The picture book realm is fascinating. I find picture books an elixir. They are great for adult writing workshops too and have been included in Queensland Curriculum for youth readers. In 32 words you can be taken on the most interesting journey. There is something magic about a well written picture book. I don’t think we should ever stop reading them however old we are.
A challenge that many writing have, and it’s mine too, is finding the time to get it right. If I could shut myself away in a room and do it I’d achieve it a lot quicker, but I have a young child and have to juggle my time with family and writing.
3) What career wish would you like most to come true?
My goal is not for fame, or money, not even for publications (although they are great to have). I have a marketing background and have no problem with promoting my work, but once I am happy with it. For now I am going with traditional publishing. I did self-publish one book when I was fifteen.
I would love one day for my work to be recognised as a worthy contribution to the genre, and for people to see clearly the passion, belief and desire that has gone into creating those books. I’d like my books to sit alongside other amazing ones on children’s book shelves.
4) Why do you write?
As a young child I had an epiphany that you could learn anything from books. This has always stuck by me and is one of the reasons I write – to give that same feeling to young readers. I’d like kids to enjoy the magic of reading, and would be touched if even just one child remembered one of my stories from his or her childhood.
I write because I love to read. The desire and comfort of curling up with a good book is perhaps more intense than the need to create one of my own however much I enjoy the challenge, discipline and art behind the craft. I write for children because it’s fun and they are often so much smarter than adults. Words and stories shaped my world as a child.
(We discover we share a love of Morris Gleitzman’s work)
5) Have you met any inspiring writers and who were they?
I adore Morris Gleitzman’s work. He often tackles contemporary issues so well. Sometimes I have an idea, and there it is already in a newly released Morris Gleitzman book. I don’t know how he does it so fast. I have never met him face-to-face.
I the last 7 or so years I’ve been very fortunate to come across numerous writers and illustrators from different genres and stages of their writing careers. Nearly every single one has been a fountain of hope, support, encouragement and enlightenment.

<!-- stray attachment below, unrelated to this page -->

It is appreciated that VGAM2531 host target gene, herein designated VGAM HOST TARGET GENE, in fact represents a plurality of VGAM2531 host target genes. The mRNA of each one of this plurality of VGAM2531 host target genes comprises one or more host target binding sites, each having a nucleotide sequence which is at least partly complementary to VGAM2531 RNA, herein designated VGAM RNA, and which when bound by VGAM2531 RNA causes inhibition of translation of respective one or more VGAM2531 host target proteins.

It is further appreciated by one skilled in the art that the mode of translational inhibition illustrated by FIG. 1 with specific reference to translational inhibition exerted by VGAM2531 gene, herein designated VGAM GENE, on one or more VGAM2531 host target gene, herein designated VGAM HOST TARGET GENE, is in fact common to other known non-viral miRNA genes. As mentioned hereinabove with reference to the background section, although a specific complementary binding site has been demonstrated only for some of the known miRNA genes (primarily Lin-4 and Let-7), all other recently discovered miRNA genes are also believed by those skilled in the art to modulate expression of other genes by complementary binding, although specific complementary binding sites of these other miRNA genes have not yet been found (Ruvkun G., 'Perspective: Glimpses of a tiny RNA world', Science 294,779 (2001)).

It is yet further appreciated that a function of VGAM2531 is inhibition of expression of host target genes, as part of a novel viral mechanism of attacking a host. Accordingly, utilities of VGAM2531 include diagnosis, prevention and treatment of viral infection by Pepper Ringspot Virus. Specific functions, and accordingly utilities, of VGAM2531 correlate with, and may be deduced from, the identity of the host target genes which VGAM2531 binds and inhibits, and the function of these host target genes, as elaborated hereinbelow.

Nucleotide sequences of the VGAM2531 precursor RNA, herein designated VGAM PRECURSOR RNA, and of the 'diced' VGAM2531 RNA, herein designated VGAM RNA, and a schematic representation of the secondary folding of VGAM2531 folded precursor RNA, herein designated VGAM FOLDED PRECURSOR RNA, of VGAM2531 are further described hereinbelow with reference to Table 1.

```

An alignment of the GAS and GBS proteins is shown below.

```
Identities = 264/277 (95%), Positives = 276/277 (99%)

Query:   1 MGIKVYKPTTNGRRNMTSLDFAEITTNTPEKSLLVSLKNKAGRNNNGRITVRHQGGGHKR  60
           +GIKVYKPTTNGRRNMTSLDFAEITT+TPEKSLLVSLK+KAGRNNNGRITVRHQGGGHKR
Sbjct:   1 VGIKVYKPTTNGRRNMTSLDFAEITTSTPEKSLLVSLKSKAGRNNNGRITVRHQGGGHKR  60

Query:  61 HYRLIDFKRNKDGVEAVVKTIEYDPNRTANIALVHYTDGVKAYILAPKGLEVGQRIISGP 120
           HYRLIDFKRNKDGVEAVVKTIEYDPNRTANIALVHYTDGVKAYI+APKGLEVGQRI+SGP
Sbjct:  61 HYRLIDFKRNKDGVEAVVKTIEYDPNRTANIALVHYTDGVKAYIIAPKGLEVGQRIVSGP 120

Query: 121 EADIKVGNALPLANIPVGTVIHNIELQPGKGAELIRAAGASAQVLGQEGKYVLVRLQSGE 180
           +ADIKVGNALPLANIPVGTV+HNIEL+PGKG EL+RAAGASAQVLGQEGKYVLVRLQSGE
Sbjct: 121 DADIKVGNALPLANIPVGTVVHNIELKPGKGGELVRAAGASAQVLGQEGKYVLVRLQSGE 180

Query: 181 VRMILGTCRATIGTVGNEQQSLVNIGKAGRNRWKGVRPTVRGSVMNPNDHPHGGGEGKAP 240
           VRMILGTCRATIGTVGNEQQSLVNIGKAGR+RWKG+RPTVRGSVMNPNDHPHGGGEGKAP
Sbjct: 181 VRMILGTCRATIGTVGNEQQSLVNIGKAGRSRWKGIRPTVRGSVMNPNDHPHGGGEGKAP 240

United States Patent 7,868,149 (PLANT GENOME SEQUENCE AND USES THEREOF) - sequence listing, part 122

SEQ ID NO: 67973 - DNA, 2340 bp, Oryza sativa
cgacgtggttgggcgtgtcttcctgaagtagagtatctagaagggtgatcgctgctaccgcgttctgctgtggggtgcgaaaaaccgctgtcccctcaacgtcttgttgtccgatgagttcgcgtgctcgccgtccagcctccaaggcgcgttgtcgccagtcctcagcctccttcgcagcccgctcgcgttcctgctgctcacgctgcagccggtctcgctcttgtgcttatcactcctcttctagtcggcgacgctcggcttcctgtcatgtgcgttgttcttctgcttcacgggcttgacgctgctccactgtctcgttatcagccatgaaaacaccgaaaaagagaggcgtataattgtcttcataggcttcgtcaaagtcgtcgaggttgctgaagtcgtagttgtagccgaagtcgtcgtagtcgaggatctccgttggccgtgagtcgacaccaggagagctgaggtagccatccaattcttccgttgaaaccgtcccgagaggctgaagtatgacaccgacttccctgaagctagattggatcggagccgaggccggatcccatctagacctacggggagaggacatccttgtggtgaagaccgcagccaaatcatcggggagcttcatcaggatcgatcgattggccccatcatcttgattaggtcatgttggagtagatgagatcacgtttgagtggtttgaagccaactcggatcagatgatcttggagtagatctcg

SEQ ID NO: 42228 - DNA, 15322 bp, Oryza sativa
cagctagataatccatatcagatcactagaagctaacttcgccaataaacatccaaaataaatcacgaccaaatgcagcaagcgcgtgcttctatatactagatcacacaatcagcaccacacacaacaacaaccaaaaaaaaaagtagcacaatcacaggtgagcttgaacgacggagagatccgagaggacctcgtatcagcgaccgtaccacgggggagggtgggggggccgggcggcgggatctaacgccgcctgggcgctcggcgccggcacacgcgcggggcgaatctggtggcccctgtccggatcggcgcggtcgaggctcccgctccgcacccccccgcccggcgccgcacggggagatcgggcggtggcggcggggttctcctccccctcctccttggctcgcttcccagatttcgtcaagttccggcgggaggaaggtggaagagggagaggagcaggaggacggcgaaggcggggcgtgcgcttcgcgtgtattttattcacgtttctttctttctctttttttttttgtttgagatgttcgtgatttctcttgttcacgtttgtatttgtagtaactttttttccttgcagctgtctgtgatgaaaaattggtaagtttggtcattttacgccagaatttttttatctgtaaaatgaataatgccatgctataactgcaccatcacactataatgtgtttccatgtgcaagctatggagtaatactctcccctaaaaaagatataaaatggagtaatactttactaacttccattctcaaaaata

I have gained something from each encounter, some of which I have incorporated into my own work. Mostly I have been able to exult in the wonderful warmth of their friendship. This is something I am conscious of when meeting other (first time) writers too.
In grade four I sat at the feet of Colin Thiele, the writer ofStorm Boy, and felt like I was listening to a rock star. Many years later I met his daughter at a writing festival and had to let her know how much her father inspired me as a child – that was a very special and emotional moment for me.
I adore Narelle Oliver’s work and I meet with her quite often in Brisbane. She’s a contemporary. She inspires my love of picture books.
Another writer I enjoy is Peter Carnavas, a retired teacher from the Sunshine Coast. He has a quirky comical writing style and his books often have an interesting story going on in the illustrations as well which contrasts with that of the written narrative of the story. He, like Narelle Oliver, uses a technique called decalage. Decalage is where the text expresses or tells a different point of view from the illustrations. eg; Narelle Oliver’s use in Home where the towering pink cliffs are actually the skyscrapers in the drawings.
Oliver and Carnavas also use unreliable narrative; for instance Carnavas’s The Great Expedition, where the text and pictures don’t match up – the story line leads us to believe one thing but the pictures are hinting at another.
The work of all these mentioned writers is very inspiring and resonates with me.
6) What makes you keep writing?
The kids. I certainly don’t do it to move in children’s author circles although they are lovely people. I hope I can astound, entertain and even shape them in some way as was done for me as a child.
7) What do you like the best about writing?
The hours, and that I can do this mostly from home and fit it around being a full time mother; my main job! I also like where it takes me from time to time; schools, libraries (to present and share) plus my childhood memories. It has allowed me to recall, relive, recount and enjoy all over again being a kid in many ways. I owe my child and my occupation much because of that.